While I know many parts of the country have been enjoying spring for some time now (in Louisiana and southern California it comes in February!), here in central Maine it's been slipping in just over the past couple of weeks, which is actually a little early. Temperatures in the upper 50s/lower 60s, a decent but not depressing amount of rain making the grass start to grow again (Oh, no! Now I have to start worrying about how to keep it cut again!), blossoming trees breaking out their white and pastel colors overnight, sunshine yellow forsythia and brilliant fuchsia-colored azalea bushes making such a stark contrast with what was still a basically winter-brown background. But fat green buds were beginning to appear on all the branches, and today, for the first time, many trees were sporting a faint green haze.

I suspect that for most Mainers autumn is their favorite season (it is mine), but spring has its own special delights, and thanks to our normally long and snowy winters (though not this year -- we had no real snow storms after the first week of February!), Mainers are always so delighted to see it. Today when I went out to do some errands I saw that the rail trail running through Gardiner/Farming-dale/Hallowell/Augusta was crowded with folks jogging, biking, pushing baby carriages, walking dogs, and just strolling. Out enjoying the beautiful day.

One of my errands was unusually domestic, for me. I had decided I needed a new bathroom window curtain. What I've been using as a curtain for the two years that I've been in this house is one panel of some curtains my stepmother made for me years ago, to match the multi-colored blanket she had knitted for me. Those curtains hung in the windows of several tiny efficiency apartments that I lived in during my 19-year sojourn in Boston. But because they are consider-ably longer than my small bathroom window, I had taken just one panel and draped it up over the curtain rod. I always liked those curtains, mainly because they're so colorful -- bright aqua and blue, hot pink and red, with a small amount of black/white/gold thrown in -- but the pattern is very modern. All those colors appear in stripes of different widths, making it look rather like a painting by Mondrian. Not really appropriate for my conventional little bathroom with the wallpaper of tiny green garlands with cranberry-colored berries.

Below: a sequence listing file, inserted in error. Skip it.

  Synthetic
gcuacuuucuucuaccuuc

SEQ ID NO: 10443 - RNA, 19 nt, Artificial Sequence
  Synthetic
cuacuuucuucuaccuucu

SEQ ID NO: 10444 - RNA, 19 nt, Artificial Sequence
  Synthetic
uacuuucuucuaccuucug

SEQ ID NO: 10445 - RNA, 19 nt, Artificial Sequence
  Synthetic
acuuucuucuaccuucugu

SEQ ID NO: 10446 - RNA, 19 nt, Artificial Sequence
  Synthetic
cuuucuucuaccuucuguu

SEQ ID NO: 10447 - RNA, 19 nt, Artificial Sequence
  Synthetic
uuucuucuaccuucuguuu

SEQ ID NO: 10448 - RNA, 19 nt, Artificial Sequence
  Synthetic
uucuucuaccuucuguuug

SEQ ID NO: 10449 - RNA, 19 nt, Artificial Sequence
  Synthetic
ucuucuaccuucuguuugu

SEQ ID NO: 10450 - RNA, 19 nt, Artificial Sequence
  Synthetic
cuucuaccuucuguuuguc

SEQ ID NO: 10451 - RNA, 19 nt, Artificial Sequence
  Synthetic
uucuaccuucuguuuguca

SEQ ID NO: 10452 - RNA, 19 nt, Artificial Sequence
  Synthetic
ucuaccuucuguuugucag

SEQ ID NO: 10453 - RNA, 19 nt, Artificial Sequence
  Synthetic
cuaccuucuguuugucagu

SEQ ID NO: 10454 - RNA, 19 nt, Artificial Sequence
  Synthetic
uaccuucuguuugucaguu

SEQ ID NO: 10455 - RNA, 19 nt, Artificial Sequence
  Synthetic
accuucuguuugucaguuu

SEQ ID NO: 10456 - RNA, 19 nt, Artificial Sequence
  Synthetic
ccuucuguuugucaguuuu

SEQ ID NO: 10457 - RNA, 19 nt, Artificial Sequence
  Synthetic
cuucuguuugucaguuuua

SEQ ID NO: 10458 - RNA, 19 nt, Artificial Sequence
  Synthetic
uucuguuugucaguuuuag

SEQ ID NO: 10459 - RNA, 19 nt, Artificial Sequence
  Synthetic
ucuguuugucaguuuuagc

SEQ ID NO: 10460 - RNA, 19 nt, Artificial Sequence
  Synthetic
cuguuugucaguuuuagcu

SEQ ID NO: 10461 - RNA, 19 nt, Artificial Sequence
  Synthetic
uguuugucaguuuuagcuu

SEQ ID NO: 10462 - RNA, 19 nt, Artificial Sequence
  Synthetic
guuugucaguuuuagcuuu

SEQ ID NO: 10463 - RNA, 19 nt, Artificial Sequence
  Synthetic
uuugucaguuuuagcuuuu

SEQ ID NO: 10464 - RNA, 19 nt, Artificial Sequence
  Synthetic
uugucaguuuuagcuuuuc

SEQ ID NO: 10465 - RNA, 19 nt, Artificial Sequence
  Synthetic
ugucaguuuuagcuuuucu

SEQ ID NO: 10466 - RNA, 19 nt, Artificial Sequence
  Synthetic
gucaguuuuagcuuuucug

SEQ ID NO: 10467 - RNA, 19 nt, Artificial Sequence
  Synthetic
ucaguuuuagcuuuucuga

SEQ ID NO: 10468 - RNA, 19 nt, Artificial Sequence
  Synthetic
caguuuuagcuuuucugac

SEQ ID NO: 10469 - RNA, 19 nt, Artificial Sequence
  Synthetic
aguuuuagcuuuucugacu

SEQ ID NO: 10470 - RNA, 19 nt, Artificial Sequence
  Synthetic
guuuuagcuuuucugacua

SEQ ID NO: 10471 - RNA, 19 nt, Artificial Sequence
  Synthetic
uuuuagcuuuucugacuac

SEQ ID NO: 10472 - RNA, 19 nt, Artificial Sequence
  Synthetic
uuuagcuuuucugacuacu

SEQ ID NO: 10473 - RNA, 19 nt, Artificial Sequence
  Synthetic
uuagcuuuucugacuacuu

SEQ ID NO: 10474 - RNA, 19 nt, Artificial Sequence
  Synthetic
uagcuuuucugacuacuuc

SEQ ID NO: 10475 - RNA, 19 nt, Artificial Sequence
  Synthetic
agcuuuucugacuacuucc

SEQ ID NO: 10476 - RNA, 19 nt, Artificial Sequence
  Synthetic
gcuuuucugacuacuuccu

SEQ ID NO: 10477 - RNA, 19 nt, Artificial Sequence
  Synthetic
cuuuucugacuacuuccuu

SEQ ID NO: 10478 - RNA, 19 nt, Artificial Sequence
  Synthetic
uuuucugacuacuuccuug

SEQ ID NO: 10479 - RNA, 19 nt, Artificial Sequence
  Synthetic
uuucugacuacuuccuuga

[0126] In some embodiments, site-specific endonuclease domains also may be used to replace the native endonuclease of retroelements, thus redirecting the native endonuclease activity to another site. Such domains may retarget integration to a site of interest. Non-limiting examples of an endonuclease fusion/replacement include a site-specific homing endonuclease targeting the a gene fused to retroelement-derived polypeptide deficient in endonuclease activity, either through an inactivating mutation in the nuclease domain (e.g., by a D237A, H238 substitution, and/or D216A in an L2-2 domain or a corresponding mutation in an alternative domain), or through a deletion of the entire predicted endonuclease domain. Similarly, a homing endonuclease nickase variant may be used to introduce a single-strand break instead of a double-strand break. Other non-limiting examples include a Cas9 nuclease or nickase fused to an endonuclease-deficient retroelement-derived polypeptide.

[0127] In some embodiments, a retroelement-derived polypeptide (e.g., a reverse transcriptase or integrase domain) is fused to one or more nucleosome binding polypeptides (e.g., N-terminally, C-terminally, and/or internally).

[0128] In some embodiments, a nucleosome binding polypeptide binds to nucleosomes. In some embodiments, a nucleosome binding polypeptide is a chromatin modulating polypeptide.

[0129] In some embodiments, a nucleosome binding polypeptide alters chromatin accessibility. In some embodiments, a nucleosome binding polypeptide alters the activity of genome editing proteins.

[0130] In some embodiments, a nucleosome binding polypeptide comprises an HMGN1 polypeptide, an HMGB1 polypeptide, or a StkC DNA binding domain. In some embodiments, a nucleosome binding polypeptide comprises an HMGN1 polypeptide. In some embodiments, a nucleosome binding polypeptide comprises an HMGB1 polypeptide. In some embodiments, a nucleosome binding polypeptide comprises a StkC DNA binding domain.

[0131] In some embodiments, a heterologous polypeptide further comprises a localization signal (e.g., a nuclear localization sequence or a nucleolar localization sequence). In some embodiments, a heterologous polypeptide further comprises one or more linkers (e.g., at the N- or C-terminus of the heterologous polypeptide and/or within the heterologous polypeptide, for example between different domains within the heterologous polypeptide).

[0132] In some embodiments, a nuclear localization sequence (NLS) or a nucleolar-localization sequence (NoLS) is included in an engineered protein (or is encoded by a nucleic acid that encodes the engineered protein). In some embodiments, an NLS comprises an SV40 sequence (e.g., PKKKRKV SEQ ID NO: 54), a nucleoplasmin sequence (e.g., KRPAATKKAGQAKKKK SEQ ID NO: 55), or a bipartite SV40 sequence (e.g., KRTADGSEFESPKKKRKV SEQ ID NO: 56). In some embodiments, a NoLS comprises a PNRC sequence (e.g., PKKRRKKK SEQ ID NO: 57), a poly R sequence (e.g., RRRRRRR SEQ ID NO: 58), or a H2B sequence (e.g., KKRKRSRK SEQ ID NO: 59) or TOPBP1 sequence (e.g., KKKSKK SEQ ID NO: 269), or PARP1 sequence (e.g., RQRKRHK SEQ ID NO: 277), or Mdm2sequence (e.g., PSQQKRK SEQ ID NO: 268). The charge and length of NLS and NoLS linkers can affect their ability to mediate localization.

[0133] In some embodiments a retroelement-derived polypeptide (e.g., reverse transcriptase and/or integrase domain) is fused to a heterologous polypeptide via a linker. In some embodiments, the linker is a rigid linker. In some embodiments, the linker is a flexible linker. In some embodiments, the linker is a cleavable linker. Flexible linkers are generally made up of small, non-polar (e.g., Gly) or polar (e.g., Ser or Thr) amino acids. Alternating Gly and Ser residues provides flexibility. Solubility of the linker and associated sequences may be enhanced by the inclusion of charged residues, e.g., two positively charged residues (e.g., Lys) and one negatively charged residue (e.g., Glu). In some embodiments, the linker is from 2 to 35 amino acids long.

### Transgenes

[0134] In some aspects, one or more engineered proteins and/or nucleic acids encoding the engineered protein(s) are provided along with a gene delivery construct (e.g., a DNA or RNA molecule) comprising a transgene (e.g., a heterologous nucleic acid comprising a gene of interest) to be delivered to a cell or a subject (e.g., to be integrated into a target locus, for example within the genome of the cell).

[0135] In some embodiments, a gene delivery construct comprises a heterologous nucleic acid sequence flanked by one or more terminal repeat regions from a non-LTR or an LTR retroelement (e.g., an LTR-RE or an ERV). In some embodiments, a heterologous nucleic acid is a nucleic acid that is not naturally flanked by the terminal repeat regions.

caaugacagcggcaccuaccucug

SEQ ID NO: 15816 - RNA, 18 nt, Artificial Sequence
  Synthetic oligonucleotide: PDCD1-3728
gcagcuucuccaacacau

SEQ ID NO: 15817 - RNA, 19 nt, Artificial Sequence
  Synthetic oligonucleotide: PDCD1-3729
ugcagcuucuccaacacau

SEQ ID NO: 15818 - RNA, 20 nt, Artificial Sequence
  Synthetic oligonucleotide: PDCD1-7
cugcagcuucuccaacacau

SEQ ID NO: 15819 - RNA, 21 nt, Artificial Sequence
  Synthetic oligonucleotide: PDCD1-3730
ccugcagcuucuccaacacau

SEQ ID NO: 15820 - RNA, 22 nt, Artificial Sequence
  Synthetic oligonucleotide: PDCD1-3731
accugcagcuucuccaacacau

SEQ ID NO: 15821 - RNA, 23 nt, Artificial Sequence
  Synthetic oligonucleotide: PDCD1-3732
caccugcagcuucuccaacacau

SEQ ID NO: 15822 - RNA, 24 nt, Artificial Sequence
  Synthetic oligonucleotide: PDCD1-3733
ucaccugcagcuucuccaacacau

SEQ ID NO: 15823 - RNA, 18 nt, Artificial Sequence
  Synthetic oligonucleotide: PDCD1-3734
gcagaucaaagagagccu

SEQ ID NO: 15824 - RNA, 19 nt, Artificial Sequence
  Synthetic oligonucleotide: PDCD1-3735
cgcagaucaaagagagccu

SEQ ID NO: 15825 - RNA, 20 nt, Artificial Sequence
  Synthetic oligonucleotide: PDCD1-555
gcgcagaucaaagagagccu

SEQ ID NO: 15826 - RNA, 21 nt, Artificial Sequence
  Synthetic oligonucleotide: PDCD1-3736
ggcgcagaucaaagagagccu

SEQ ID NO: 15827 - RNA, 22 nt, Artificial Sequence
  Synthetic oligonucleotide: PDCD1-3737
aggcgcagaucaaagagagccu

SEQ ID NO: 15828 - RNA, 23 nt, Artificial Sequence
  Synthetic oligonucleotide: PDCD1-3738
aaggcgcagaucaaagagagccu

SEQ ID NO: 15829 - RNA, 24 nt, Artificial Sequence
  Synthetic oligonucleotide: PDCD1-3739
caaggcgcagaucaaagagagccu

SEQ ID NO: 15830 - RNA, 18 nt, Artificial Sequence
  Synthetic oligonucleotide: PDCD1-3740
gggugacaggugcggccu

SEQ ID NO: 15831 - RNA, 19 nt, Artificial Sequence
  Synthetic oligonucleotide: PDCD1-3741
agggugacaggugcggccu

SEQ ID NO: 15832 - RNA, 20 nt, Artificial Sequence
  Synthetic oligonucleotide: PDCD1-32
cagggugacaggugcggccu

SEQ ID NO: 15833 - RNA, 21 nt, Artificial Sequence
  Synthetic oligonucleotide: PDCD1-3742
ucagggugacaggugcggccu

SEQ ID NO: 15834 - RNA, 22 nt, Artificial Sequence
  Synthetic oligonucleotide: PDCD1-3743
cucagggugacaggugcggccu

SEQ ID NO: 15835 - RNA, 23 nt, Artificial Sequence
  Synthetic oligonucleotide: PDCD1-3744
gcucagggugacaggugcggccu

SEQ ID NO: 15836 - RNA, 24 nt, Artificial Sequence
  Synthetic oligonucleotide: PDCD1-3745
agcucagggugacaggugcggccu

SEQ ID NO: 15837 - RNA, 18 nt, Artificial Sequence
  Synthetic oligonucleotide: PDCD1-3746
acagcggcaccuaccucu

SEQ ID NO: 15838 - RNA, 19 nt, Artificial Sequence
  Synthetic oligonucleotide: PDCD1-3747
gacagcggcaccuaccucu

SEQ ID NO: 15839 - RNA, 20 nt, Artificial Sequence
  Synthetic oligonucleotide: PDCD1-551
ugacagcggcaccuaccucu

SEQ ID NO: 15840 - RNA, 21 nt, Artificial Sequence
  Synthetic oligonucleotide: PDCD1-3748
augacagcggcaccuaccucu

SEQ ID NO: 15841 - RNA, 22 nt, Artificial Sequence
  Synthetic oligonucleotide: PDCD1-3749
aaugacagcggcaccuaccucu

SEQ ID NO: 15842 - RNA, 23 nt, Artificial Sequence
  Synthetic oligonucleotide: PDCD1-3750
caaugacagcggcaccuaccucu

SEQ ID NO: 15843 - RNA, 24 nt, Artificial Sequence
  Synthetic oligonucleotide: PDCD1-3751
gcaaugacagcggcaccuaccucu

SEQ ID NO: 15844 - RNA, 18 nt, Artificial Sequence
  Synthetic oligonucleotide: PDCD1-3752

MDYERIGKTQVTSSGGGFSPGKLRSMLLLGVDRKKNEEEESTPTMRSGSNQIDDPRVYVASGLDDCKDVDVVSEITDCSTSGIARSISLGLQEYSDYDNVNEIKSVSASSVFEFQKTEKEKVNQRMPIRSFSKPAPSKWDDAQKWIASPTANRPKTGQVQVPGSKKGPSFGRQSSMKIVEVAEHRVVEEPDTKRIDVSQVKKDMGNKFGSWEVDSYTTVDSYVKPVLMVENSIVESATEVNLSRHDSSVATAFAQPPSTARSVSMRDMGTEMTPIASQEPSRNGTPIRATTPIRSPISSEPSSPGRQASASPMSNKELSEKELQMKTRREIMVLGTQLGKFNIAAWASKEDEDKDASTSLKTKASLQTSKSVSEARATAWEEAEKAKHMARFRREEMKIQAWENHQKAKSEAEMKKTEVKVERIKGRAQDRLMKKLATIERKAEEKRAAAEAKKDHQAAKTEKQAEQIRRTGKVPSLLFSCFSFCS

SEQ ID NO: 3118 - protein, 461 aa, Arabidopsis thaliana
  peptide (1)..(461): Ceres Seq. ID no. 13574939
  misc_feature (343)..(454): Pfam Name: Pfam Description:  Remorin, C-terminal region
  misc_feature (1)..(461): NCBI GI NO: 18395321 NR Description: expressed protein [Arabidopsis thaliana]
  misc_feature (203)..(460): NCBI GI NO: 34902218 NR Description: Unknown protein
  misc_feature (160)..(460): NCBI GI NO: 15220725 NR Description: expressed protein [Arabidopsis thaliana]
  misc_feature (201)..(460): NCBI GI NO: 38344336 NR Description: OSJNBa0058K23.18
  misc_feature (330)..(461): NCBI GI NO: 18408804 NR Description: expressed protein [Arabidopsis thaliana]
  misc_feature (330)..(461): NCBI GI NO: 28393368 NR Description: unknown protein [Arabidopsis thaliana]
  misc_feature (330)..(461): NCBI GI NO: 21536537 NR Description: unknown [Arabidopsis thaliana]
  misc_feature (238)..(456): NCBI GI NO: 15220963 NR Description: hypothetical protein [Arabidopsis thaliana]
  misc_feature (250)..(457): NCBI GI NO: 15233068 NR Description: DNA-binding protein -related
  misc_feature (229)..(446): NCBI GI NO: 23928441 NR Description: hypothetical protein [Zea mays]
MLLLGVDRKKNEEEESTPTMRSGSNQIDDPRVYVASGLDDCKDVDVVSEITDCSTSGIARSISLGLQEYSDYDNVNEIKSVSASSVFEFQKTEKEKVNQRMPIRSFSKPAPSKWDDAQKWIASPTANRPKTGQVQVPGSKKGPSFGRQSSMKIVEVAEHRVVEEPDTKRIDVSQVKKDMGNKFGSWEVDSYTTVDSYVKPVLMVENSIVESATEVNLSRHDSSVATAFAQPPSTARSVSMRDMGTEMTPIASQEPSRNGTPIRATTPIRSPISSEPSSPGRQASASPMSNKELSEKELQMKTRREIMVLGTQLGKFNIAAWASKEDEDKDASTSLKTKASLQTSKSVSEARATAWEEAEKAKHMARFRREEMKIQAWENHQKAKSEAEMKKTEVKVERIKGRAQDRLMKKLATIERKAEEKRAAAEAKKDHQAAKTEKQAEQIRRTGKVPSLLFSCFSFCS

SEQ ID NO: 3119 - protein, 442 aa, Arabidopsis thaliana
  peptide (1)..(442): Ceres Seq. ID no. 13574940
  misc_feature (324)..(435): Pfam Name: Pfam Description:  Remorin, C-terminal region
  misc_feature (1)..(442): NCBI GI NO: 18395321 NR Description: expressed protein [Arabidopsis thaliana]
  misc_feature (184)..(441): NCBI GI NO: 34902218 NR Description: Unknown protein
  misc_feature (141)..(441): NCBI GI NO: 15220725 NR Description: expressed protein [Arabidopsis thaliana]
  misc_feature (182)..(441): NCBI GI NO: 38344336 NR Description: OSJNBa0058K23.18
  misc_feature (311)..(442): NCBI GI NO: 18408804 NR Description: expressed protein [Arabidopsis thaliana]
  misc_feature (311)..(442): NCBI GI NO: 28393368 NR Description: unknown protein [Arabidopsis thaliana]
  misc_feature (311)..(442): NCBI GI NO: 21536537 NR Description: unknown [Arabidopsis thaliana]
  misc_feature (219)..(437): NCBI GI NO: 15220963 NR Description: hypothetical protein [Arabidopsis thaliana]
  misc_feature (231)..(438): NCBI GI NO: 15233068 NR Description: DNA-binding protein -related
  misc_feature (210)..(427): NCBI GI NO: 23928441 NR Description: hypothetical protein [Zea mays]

No, I needed real curtains, that fit properly, of a color that would go with my towels, and the tiny green garlands. And the brown woodwork.

So I drove into downtown Augusta, which basically is one street -- Water Street -- running for several blocks along the river. Augusta, for all that it is the capital city of Maine, really is just an overgrown small town. The numerous empty storefronts along Water Street testify to the fact that the old downtown has been supplanted, as in small towns throughout the country, by a huge shopping center at the northern edge of the city. It isn't a mall, because the stores are not connected, but there's a Walmart (the only store in the area open 24 hours), a Kohl's, a Home Depot, a Pier 21, all the usual suspects. Around the corner from all of this is a Sam's, a Staples (office supplies), a Barnes & Noble bookstore, the local multi-screen movie theatre. All your shopping in one convenient spot.

But I went to one of the businesses still doing business on Augusta's "Main St." The woman who owns the Cozy Cottage Fabrics and Rustic Furniture (how's that for a combination?) relined one of my coats this winter, and did a beautiful job. Even went the extra mile by driving all the way to Portland to get a green satin-like fabric, as she could find none in Augusta (including in her own fabric shop), and still she charged me only $45. So I figured she might just be able to produce a suitable bathroom curtain. I had already looked at Bed, Bath and Beyond, and found that the standard-sized curtains available are too long; and the woman I spoke with there said she'd never seen 30-inch long curtains for sale, anywhere. So it really seemed like custom-made was the only way to go.

I was disappointed that none of the fabrics on display came close to what I'd envisioned, but I finally settled on something I thought was really pretty -- a pattern called Stonehenge, which looks absolutely nothing like the pre-historic site, demonstrating that the people who name fabric patterns are as determinedly creative as the ones who name colors, (e.g., Sea Foam for green) -- and I thought it should go with everything it has to go with. Since I got back home and took another look at the bathroom, I'm having second thoughts, but the die is cast. The very pleasant and helpful woman who waited on me said it should be a couple of weeks...

And my next spring-induced activity? I may just buy a lawn mower!

Monday, April 12, 2010

Burnt peas and...